“I then had to do a full-on ’90s dance routine and I got into a band. I was so naive, but I was also so thankful to have the chance to do something I had always dreamt of as a kid. I then joined another band and we had some chart success. After being in a few pop bands, I realised I wanted more control over what I was doing, so I decided to start my own project, write our own songs, and manage the group myself.
“After a lot of hustle, I managed to get the attention of LA Reid and off we went to NYC to do a showcase for Arista. Naturally, as soon as Arista were interested, all the labels back home were interested too. This made me realise what you could achieve from behind the scenes, and it was a real buzz. Now if someone says to me, ‘You’ll never achieve that, or you’ll never get a meeting with that person’, it’s like a red rag to a bull to me. I’ll always find a way! That’s something that young people coming into the industry should keep in mind – if you put yourself out there and stick to your goals, you’ve always got a chance.
“There was one hilarious experience where we ended up in Simon Cowell’s office, and while he was out of the room we rearranged his furniture so we had the space to do our OTT dance routine in his office! The look he gave us was priceless, and when he started The X Factor a few years later, I knew just how people felt during the auditions. It was one of those moments that when I look back, I smile and cringe at the same time. But it was also the moment where I realised I could be a manager. If I’m honest, I wasn’t the best singer. So I thought, ‘If I can get myself in front of these people and get myself record deals, imagine what I could achieve for people with real talent!’ And that’s what I’ve been doing ever since.”
Did you have a mentor at that stage?
“I didn’t have a mentor unfortunately but I did have my lawyer Tim Smith, who I still work with today. He has listened to me rant at him over the years (fortunately not on the clock, but he’ll rarely say no to me buying lunch), but he’s been a great sounding board and will reign me in if necessary! He’s like my industry dad.
“Coming from a council estate in Gateshead, I didn’t know anyone in the industry at all. So when I moved to London, I had to find my own opportunities with lots of hustle, just as many knock-backs, and a sheer determination to succeed.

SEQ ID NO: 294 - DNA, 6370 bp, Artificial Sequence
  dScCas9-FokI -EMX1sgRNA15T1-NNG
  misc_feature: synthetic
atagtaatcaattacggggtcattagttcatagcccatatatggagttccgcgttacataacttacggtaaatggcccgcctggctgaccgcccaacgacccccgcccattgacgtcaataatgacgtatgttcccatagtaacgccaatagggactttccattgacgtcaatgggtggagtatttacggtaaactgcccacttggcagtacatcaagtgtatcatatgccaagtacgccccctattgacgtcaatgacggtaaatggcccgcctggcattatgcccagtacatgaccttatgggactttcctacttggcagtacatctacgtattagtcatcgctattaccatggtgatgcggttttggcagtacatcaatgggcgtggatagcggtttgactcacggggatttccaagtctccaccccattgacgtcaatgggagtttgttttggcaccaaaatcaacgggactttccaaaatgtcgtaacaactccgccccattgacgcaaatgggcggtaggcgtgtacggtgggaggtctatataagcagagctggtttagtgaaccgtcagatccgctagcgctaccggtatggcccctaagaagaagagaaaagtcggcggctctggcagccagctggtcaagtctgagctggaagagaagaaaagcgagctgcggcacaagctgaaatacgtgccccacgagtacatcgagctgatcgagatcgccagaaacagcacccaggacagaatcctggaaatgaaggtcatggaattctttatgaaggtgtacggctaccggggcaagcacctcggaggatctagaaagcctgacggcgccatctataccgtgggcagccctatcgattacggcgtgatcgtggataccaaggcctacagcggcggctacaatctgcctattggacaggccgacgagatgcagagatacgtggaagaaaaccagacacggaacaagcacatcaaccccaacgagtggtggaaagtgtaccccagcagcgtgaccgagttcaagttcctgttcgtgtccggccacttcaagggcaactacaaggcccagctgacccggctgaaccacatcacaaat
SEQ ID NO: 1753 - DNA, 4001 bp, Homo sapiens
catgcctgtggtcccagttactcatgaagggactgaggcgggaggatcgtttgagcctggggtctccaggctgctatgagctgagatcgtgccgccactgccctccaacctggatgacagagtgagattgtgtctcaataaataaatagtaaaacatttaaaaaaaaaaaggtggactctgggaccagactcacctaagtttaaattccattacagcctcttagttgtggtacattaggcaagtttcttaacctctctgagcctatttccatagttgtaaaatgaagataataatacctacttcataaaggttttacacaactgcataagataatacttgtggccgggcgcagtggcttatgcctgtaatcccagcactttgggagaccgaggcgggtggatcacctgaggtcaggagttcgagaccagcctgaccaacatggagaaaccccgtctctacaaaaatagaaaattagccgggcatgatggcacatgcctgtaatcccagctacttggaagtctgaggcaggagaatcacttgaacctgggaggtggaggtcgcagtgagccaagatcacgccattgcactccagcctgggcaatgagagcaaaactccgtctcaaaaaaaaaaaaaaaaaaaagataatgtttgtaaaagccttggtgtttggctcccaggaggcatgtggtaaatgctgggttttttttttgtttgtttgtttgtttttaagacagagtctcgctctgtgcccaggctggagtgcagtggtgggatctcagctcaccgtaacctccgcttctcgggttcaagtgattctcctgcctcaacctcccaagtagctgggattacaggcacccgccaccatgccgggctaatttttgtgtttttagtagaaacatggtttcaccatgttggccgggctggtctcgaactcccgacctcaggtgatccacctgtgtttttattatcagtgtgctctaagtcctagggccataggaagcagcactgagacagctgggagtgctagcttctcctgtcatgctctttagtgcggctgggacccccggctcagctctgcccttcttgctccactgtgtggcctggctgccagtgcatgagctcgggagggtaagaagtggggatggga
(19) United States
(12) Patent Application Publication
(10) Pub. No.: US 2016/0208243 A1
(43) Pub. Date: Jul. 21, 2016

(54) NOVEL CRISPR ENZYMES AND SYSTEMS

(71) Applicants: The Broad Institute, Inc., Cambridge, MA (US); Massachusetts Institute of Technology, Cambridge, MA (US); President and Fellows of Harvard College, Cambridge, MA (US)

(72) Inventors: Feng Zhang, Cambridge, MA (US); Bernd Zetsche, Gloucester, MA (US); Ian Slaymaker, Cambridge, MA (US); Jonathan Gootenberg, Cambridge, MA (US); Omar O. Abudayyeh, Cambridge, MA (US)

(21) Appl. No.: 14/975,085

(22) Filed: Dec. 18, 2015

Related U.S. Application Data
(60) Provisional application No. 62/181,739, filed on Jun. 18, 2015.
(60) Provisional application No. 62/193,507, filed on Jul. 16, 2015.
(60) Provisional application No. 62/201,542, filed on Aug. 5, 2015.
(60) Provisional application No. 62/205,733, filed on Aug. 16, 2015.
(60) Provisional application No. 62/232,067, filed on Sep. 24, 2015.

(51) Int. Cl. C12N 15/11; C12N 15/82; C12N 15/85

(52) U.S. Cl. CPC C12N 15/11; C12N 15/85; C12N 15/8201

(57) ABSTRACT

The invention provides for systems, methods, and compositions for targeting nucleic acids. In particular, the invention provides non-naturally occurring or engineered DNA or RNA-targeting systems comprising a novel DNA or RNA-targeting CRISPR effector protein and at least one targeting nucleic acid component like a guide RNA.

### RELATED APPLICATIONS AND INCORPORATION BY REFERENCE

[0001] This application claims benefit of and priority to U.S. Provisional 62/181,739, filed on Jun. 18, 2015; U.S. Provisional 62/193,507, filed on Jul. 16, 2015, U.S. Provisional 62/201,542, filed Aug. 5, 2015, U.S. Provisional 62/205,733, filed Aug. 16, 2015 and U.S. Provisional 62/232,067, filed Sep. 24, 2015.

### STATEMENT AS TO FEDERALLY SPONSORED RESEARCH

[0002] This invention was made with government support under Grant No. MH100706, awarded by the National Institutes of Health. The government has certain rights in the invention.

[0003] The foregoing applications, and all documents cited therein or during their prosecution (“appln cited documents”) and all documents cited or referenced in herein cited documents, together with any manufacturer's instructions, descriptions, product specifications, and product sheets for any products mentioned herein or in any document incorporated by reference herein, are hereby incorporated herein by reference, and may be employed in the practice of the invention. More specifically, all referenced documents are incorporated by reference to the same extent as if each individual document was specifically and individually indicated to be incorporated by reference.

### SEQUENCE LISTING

“I’m a very proud board member of the MMF and I wish I had joined earlier. It allows me to be the mentor that I wish I had when I started, and there’s still plenty I can learn from the other members. Their advice, help and knowledge has been invaluable to me, especially during the pandemic.”
What’s your biggest achievement so far?
“My biggest achievement so far without a doubt is having my beautiful children, Harley is three years old and Matti is one. I love them more than anything in the world and they drive me to work harder than ever before as everything I do now is for them.
“In terms of work, I’m proud to have started looking after young female artists like Nina Nesbitt and Olivia Sebastianelli when they were in their teens and to see them develop into amazing, talented young women. To work with them from ground zero to what they are both achieving now is just an amazing feeling. Management is a huge responsibility, so to be part of making their dreams come true is just so rewarding.
“To revive Ella Henderson, Nina and Olivia’s careers after their major label deals have ended has been challenging but brilliant. Since then, Ella has had five Top 10 singles, a Top 10 album, platinum records and an Ivor Novello nomination. Nina has exceeded a billion streams, and Olivia has had multiple certifications for her success as a songwriter. All of those achievements feel great!
“Being nominated twice for Manager Of The Year at the Music Week Awards has been a highlight, especially as there are very few independent female managers which makes it tough for women to be nominated. That’s something which needs to change. I won’t rest until I win that!”
If you put yourself out there and stick to your goals, you’ve always got a chance
You wrote a few years ago about keeping your pregnancy secret from the music industry because you were concerned about being treated differently? How do you feel the industry has improved its support for mothers?